Kyle participated in the young adult program, graduating in 2011. He received his degree in mechanical engineering from Mercer University and is working as an engineer with a company in the Atlanta area. His parents, Roland and Ellen continue to be active in STEP, the weekly family support and education program.
How has your relationship with your family changed?
KYLE: We are definitely much more honest and open. I do not hesitate to bring up my concerns. And my parents are much better in tune with how I am doing without having to worry as much.
What’s the biggest change you’ve been able to make in your life?
KYLE: Without my work at Skyland Trail I would not be the person I am today. Although it was challenging, the perseverance I gained has allowed me to pursue my goals without dwelling on my mental illness.
What’s your advice for people and families in recovery?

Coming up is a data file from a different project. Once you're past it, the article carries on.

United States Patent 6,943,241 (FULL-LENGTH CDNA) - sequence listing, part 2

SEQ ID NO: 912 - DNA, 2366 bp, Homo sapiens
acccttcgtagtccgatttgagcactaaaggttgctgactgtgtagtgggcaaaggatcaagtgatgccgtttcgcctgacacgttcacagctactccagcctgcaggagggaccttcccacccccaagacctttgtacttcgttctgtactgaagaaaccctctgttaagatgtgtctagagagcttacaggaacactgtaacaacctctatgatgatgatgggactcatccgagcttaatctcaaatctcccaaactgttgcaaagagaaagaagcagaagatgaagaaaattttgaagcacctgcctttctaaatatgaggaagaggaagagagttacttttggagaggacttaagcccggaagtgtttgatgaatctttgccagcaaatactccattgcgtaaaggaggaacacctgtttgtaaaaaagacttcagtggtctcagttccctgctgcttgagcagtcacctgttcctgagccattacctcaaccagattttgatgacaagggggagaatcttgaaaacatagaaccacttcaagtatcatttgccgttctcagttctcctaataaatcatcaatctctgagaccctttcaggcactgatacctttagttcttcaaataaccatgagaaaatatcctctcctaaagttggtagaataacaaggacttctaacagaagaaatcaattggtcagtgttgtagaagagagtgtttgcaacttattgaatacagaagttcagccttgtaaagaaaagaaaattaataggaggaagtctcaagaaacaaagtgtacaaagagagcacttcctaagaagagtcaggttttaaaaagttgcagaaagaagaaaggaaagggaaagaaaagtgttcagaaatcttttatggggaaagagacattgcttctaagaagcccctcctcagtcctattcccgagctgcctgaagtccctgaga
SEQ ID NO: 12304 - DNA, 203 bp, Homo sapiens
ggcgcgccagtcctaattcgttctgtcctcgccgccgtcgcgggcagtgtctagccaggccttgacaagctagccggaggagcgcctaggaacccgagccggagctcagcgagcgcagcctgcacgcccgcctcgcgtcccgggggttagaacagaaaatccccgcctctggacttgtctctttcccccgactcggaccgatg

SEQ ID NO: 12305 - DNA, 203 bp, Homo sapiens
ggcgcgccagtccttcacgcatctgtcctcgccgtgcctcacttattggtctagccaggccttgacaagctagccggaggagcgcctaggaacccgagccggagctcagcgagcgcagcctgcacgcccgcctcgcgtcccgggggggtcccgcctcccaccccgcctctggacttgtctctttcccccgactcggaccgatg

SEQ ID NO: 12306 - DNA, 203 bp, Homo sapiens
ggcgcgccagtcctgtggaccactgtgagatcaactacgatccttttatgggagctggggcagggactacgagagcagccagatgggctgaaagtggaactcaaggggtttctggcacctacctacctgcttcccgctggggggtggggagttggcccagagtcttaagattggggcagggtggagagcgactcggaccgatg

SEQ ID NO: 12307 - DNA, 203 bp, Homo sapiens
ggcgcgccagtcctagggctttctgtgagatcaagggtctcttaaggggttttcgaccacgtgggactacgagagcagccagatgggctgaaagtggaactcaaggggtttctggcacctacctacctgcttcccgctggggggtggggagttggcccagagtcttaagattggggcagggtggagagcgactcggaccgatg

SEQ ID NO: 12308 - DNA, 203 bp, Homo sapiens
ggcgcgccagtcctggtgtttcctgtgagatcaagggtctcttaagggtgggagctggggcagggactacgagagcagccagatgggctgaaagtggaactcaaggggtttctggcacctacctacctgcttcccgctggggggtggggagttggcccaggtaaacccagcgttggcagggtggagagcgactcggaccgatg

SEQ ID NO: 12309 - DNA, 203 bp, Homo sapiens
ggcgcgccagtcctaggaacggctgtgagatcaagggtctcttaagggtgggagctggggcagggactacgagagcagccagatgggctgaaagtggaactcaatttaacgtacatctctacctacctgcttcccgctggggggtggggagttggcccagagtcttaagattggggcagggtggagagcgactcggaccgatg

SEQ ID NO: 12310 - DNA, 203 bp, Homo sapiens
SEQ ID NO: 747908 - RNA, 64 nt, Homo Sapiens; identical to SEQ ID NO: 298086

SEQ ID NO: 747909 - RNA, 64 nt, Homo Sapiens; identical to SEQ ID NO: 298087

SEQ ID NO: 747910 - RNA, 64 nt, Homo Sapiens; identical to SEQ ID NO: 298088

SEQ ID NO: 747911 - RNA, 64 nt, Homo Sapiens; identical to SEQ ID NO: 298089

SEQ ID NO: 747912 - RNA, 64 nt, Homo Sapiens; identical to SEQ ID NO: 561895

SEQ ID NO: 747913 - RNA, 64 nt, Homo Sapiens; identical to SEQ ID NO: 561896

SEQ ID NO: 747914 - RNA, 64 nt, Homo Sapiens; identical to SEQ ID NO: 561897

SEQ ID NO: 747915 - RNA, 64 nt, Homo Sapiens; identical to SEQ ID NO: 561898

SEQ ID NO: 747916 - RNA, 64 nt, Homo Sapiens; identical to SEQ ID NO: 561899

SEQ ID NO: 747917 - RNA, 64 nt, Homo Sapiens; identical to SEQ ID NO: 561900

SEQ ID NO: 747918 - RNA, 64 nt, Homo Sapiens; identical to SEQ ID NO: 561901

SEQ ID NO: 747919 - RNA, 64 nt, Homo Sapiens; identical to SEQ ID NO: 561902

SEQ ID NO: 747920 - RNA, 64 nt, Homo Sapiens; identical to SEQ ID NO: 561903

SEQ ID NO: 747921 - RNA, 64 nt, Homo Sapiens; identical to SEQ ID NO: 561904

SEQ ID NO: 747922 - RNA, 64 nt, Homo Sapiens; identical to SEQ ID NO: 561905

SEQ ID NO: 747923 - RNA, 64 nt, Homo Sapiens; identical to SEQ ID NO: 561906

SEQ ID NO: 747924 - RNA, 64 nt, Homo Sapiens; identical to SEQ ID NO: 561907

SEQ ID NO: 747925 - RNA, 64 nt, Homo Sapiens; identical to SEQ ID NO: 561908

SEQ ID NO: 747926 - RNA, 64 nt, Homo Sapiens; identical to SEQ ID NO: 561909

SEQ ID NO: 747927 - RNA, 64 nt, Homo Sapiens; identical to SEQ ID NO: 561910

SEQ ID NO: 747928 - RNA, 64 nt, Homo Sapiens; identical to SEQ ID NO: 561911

KYLE: Remember that, no matter what, bad days will still happen. Recognizing that fact and not beating yourself up for not doing well is an important step in the healing process, as well as day-to-day life.
What changes did your family go through as part of Kyle’s recovery?
KYLE’S DAD: As Kyle’s health improved, we had to transition from “waiting for the next shoe to drop” to the expectation that every day is going to be good until proven otherwise. We came to recognize that recovery for your loved one is as unique as they are; there is no straight line from illness to wellness. And, bottom line, we all embraced an understanding that mental illness does not define a person, it is what they have, not who they are.
What advice do you have for families beginning their recovery journeys?
KYLE’S DAD: The best way to care for your loved one is to care for yourself – physically, emotionally, and intellectually. Create a support network for yourself – family, friends, and support groups like Skyland Trail’s STEP program – and have the courage to draw on the resources of that network.